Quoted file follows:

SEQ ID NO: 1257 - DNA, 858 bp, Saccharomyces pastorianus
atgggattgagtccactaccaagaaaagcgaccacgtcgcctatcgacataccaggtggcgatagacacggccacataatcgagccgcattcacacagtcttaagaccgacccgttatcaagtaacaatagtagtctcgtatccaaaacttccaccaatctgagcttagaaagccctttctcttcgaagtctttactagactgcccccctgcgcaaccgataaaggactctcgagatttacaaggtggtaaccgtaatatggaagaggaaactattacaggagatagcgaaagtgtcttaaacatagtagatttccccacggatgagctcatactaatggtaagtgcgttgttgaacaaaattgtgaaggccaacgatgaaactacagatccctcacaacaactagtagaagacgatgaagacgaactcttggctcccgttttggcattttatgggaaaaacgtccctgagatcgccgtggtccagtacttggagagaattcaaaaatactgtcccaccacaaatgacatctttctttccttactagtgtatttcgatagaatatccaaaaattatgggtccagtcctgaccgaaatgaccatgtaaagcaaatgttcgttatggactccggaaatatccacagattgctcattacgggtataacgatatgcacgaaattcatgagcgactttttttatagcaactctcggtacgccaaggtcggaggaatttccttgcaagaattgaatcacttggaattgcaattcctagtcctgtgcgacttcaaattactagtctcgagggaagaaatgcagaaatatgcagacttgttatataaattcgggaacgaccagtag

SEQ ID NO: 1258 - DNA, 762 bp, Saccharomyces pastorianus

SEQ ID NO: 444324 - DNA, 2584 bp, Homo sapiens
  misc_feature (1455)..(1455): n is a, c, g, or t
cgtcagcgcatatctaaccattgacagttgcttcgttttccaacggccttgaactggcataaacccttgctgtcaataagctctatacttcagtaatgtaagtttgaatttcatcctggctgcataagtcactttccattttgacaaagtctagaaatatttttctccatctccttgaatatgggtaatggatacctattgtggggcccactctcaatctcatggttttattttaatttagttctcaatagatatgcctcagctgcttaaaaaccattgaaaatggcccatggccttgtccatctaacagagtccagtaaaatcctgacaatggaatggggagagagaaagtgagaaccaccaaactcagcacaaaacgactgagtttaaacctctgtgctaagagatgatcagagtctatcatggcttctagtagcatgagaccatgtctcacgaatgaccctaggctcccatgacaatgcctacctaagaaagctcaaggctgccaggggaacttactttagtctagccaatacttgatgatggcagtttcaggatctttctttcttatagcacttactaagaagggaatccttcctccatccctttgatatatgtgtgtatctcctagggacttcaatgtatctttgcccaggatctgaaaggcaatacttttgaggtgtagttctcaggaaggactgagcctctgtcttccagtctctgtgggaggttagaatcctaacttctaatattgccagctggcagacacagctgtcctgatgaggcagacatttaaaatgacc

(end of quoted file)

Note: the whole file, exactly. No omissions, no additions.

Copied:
SEQ ID NO: 1257 - DNA, 858 bp, Saccharomyces pastorianus
atgggattgagtccactaccaagaaaagcgaccacgtcgcctatcgacataccaggtggcgatagacacggccacataatcgagccgcattcacacagtcttaagaccgacccgttatcaagtaacaatagtagtctcgtatccaaaacttccaccaatctgagcttagaaagccctttctcttcgaagtctttactagactgcccccctgcgcaaccgataaaggactctcgagatttacaaggtggtaaccgtaatatggaagaggaaactattacaggagatagcgaaagtgtcttaaacatagtagatttccccacggatgagctcatactaatggtaagtgcgttgttgaacaaaattgtgaaggccaacgatgaaactacagatccctcacaacaactagtagaagacgatgaagacgaactcttggctcccgttttggcattttatgggaaaaacgtccctgagatcgccgtggtccagtacttggagagaattcaaaaatactgtcccaccacaaatgacatctttctttccttactagtgtatttcgatagaatatccaaaaattatgggtccagtcctgaccgaaatgaccatgtaaagcaaatgttcgttatggactccggaaatatccacagattgctcattacgggtataacgatatgcacgaaattcatgagcgactttttttatagcaactctcggtacgccaaggtcggaggaatttccttgcaagaattgaatcacttggaattgcaattcctagtcctgtgcgacttcaaattactagtctcgagggaagaaatgcagaaatatgcagacttgttatataaattcgggaacgaccagtag

SEQ ID NO: 1258 - DNA, 762 bp, Saccharomyces pastorianus

SEQ ID NO: 444324 - DNA, 2584 bp, Homo sapiens
  misc_feature (1455)..(1455): n is a, c, g, or t
cgtcagcgcatatctaaccattgacagttgcttcgttttccaacggccttgaactggcataaacccttgctgtcaataagctctatacttcagtaatgtaagtttgaatttcatcctggctgcataagtcactttccattttgacaaagtctagaaatatttttctccatctccttgaatatgggtaatggatacctattgtggggcccactctcaatctcatggttttattttaatttagttctcaatagatatgcctcagctgcttaaaaaccattgaaaatggcccatggccttgtccatctaacagagtccagtaaaatcctgacaatggaatggggagagagaaagtgagaaccaccaaactcagcacaaaacgactgagtttaaacctctgtgctaagagatgatcagagtctatcatggcttctagtagcatgagaccatgtctcacgaatgaccctaggctcccatgacaatgcctacctaagaaagctcaaggctgccaggggaacttactttagtctagccaatacttgatgatggcagtttcaggatctttctttcttatagcacttactaagaagggaatccttcctccatccctttgatatatgtgtgtatctcctagggacttcaatgtatctttgcccaggatctgaaaggcaatacttttgaggtgtagttctcaggaaggactgagcctctgtcttccagtctctgtgggaggttagaatcctaacttctaatattgccagctggcagacacagctgtcctgatgaggcagacatttaaaatgacc